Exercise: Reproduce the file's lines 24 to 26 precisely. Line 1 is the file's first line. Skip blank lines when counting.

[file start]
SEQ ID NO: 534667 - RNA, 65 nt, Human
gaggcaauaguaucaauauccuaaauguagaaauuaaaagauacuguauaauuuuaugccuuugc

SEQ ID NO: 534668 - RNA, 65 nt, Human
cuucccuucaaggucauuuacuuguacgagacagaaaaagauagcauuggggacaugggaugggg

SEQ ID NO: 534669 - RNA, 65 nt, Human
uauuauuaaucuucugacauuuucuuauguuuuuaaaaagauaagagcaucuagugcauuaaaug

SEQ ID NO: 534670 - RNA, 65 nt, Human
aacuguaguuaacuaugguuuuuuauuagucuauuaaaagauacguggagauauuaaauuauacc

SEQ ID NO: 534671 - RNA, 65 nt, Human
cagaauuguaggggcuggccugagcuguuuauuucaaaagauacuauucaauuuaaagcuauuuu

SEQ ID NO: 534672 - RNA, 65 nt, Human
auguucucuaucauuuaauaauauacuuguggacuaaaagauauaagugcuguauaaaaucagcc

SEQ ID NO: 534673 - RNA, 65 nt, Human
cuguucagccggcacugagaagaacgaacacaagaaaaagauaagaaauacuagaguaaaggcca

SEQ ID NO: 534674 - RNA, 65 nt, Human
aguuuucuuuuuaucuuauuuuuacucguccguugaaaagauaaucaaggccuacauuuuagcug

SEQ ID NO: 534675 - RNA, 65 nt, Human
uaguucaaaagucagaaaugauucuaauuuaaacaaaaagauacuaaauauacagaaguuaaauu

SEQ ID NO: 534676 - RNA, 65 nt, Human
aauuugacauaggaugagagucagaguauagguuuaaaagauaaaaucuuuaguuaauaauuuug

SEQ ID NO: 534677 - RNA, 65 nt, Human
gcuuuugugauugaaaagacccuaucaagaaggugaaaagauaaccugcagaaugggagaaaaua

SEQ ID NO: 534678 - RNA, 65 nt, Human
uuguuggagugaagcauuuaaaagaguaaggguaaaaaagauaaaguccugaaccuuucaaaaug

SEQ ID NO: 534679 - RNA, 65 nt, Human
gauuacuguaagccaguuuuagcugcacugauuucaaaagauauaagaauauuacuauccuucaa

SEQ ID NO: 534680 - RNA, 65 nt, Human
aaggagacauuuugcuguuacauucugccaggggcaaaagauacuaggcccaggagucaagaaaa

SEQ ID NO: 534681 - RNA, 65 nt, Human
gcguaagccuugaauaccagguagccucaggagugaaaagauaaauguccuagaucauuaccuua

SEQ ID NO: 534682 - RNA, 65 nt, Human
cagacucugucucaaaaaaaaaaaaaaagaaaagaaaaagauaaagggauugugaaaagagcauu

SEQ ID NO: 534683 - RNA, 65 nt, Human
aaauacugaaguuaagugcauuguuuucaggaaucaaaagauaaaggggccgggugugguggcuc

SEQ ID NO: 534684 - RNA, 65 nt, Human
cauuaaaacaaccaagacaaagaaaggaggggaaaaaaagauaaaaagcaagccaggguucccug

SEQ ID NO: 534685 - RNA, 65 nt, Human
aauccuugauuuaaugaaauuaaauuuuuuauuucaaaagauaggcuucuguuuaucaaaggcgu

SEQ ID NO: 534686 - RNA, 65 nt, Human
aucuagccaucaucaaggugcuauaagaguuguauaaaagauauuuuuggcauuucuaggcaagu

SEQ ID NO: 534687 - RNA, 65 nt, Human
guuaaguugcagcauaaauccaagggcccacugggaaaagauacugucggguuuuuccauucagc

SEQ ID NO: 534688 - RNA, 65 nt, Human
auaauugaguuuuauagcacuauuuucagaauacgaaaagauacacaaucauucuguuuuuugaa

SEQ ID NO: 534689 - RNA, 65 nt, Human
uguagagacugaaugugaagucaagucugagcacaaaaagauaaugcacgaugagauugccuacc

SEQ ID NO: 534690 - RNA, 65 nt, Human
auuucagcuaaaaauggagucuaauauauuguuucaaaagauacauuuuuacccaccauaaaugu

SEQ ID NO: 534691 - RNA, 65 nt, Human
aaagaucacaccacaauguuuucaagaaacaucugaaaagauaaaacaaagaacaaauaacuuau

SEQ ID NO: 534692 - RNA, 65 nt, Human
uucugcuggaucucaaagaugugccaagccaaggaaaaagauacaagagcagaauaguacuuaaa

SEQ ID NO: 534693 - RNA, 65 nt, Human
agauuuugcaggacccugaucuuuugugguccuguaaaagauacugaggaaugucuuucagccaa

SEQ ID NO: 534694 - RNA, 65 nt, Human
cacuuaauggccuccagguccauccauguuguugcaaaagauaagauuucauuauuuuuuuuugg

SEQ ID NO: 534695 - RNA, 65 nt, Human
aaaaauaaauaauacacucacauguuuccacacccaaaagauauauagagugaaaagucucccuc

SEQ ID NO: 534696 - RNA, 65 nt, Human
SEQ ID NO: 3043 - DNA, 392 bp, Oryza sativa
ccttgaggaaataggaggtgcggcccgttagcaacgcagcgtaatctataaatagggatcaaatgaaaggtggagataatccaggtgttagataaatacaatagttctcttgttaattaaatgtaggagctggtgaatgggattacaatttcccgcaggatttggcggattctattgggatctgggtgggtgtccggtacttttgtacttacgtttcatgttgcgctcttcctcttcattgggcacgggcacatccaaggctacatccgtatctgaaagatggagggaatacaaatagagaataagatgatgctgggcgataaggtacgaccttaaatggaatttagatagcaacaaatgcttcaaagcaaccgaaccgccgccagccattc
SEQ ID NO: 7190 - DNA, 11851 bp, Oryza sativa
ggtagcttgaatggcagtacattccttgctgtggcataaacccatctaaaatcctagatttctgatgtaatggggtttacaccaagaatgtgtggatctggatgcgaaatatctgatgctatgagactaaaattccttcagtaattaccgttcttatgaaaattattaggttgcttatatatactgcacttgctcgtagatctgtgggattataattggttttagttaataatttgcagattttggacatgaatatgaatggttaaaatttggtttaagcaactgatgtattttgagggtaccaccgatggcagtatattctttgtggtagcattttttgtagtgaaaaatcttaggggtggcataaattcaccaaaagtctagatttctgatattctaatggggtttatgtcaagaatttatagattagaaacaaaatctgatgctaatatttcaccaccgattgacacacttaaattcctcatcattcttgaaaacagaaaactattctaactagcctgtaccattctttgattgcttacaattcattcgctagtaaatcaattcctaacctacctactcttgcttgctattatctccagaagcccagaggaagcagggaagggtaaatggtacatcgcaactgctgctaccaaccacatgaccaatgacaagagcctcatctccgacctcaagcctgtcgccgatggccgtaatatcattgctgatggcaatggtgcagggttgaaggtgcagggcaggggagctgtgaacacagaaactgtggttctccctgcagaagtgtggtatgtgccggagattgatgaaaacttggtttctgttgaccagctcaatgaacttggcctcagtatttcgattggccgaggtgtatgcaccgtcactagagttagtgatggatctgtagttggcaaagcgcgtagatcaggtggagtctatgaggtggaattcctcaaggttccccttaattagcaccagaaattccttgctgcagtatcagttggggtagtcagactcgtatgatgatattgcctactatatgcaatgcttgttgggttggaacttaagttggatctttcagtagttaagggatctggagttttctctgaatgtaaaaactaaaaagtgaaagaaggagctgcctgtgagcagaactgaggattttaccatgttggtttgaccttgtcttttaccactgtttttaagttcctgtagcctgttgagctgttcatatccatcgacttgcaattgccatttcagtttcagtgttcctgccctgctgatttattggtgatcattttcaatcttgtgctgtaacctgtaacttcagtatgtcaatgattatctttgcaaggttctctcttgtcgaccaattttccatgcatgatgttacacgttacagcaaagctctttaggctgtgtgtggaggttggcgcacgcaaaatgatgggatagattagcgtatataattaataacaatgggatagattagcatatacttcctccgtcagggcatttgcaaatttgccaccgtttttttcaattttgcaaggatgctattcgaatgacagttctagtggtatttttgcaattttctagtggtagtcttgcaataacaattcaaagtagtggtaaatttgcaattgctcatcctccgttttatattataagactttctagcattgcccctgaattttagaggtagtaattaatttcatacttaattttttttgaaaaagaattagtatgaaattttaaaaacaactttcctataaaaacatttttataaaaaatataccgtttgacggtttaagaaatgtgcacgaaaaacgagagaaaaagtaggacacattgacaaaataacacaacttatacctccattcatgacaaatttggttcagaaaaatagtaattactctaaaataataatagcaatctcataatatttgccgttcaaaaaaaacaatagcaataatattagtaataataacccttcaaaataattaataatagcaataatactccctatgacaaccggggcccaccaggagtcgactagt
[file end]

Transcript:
uuguuggagugaagcauuuaaaagaguaaggguaaaaaagauaaaguccugaaccuuucaaaaug

SEQ ID NO: 534679 - RNA, 65 nt, Human
gauuacuguaagccaguuuuagcugcacugauuucaaaagauauaagaauauuacuauccuucaa